The City's most happening hood is also its least healthy.
And only one thing can save residents of the Mission district from breathing San Francisco's dirtiest air: going green, and going greener in 2014 than in the past year.
Nearly all San Franciscans live within 1.5 miles of a major freeway, according to a recently released study from the Massachusetts Institute of Technology. The resulting exposure to particulate matter makes lung ailments like cancer and chronic obstructive pulmonary disease (COPD) two of the most common health problems in The City.
But despite being bracketed in by two busy freeways -- Interstate 280 and U.S. Highway 101 - places like the Outer Mission aren't The City's least-healthy neighborhoods. In fact, the air is cleaner at Mission Street and Geneva Avenue than it is at Mission and 24th streets.
Mission district proper has the poorest health of any San Francisco neighborhood, according to the MIT report "Health and Urbanism." A key reason is open space - as in less of it.
In places like the Outer Mission, homes have backyards that abut one another. That makes for 10 times the green area and three times the amount of street trees than in the development-happy, denser Mission. Trees and "permeable open space" make the air more breathable and less unhealthy, the report found.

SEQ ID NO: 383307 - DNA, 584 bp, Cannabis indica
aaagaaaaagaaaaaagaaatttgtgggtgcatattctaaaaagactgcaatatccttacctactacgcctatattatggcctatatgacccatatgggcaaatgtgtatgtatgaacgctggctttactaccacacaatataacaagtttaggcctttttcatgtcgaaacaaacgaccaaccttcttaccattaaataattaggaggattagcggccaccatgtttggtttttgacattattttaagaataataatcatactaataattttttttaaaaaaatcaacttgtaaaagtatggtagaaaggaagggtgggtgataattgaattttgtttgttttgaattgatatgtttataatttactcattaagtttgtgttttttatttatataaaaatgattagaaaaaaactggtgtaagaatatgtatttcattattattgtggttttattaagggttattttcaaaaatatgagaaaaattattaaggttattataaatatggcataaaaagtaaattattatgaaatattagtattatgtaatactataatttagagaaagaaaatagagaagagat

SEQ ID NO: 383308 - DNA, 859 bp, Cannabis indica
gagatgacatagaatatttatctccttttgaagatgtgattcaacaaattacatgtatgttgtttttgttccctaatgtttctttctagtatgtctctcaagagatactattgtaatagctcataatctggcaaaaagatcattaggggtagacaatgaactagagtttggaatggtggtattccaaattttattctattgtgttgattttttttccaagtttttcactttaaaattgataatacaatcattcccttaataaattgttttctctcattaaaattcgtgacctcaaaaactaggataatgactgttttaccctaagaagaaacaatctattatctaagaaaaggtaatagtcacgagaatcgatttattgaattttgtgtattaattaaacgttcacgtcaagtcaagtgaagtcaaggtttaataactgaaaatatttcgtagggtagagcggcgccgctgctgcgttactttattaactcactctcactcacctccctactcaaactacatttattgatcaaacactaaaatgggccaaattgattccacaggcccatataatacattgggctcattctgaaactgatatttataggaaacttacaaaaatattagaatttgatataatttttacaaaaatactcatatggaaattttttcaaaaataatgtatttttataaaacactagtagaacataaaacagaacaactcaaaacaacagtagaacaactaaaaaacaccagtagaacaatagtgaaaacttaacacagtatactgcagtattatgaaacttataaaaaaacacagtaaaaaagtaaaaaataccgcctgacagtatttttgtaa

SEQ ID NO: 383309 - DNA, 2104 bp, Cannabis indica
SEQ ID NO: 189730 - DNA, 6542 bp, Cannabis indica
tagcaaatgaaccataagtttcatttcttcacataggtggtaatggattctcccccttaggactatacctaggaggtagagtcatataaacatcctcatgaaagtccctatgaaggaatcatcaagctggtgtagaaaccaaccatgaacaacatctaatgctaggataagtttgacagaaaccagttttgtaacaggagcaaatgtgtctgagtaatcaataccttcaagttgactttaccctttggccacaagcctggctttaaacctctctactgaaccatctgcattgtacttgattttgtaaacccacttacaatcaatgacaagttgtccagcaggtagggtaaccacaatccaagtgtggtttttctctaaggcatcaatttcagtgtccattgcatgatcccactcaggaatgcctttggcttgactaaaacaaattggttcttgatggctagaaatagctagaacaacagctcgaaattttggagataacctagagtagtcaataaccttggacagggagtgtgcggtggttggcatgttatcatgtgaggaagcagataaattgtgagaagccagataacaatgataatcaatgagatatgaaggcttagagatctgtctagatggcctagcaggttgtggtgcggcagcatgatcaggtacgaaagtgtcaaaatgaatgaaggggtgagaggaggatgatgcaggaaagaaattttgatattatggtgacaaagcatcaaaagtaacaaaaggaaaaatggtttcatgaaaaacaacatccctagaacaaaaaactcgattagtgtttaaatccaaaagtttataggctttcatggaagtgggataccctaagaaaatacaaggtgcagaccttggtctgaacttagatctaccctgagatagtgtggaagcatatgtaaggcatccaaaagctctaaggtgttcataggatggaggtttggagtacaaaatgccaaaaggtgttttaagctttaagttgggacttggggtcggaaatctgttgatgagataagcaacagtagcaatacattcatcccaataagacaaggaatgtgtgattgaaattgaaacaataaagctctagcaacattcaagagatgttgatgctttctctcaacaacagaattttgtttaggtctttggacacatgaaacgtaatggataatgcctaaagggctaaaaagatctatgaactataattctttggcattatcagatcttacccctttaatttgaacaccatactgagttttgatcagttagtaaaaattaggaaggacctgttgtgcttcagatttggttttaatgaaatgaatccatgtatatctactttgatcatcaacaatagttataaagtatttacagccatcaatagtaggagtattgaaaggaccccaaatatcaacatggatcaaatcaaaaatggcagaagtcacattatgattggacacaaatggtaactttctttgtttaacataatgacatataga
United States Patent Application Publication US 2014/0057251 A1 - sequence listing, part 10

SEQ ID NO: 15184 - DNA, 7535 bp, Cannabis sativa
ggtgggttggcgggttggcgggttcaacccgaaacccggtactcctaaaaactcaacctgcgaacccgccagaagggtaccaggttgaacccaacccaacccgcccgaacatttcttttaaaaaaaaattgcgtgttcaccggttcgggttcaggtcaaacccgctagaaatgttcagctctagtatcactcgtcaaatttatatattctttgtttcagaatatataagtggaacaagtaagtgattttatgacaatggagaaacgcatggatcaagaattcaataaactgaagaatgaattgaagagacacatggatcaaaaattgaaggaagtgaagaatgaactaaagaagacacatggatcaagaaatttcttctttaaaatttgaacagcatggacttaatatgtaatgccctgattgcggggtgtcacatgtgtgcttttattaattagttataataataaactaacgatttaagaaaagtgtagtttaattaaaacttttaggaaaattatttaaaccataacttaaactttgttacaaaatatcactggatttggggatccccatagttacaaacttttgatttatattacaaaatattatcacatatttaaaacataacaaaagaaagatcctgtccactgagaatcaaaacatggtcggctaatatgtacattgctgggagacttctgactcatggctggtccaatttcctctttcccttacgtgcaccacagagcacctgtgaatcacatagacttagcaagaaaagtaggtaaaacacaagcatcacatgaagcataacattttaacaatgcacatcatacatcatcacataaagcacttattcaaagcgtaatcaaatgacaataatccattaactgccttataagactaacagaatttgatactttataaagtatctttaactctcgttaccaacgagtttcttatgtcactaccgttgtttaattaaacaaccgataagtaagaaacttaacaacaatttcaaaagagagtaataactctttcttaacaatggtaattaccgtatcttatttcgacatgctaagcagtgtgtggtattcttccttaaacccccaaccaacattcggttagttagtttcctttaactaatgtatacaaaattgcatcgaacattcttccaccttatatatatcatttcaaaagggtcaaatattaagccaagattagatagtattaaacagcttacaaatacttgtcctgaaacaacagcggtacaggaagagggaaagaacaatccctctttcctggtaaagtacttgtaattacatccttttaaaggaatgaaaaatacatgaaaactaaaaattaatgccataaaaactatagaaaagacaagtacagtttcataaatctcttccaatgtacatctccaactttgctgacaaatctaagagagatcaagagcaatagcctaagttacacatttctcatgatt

The City has set ambitious goals for reducing greenhouse gas emissions, despite a rising population and increased electricity use. But there's not much any city department can do to move big rigs and shuttle buses off freeways - or move the freeways somewhere less populated.
And more than 25 percent of San Francisco's surface is paved streets and sidewalks, a greater land area than all of The City's parks, according to the Department of Public Works. That means the area isn't about to become permeable anytime soon.
Luckily, planting trees and putting in shrubs are exactly how The City can best clear the air, the MIT researchers found. That happened last year, but environment watchers want more in 2014.
In 2013, DPW issued 228 permits for property owners to tear up concrete sidewalks in favor of green space, according to Mindy Linetzky, a department spokeswoman.
The City also added to its stock of 105,000 street trees another 1,200 or so, while also lining Great Highway with 11,000 shrubs and planting drought-resistant plants between Wawona Street and Lincoln Way on 19th Avenue, Linetzky added.
When city employees travel, The City collects a "pollution fee" that goes into a pot of money called the Carbon Fund. Last year, the Carbon Fund doled out $200,000 for neighborhood-level greening projects, according to the Department of the Environment. But none of that went to groups in the Mission, some of which found the application process too difficult to navigate, according to Joshua Arce, who chairs The City's Environment Commission.
"That's not going to happen next time around," he said.
The City reduced its carbon footprint to 14.5 percent of 1990 levels, Mayor Ed Lee said in August, which is admirable but short of The City's stated goal of 20 percent reduction by 2012.
San Francisco could always do more to encourage more green space: The MIT scholars suggested providing private property owners a tax credit to turn their roofs green.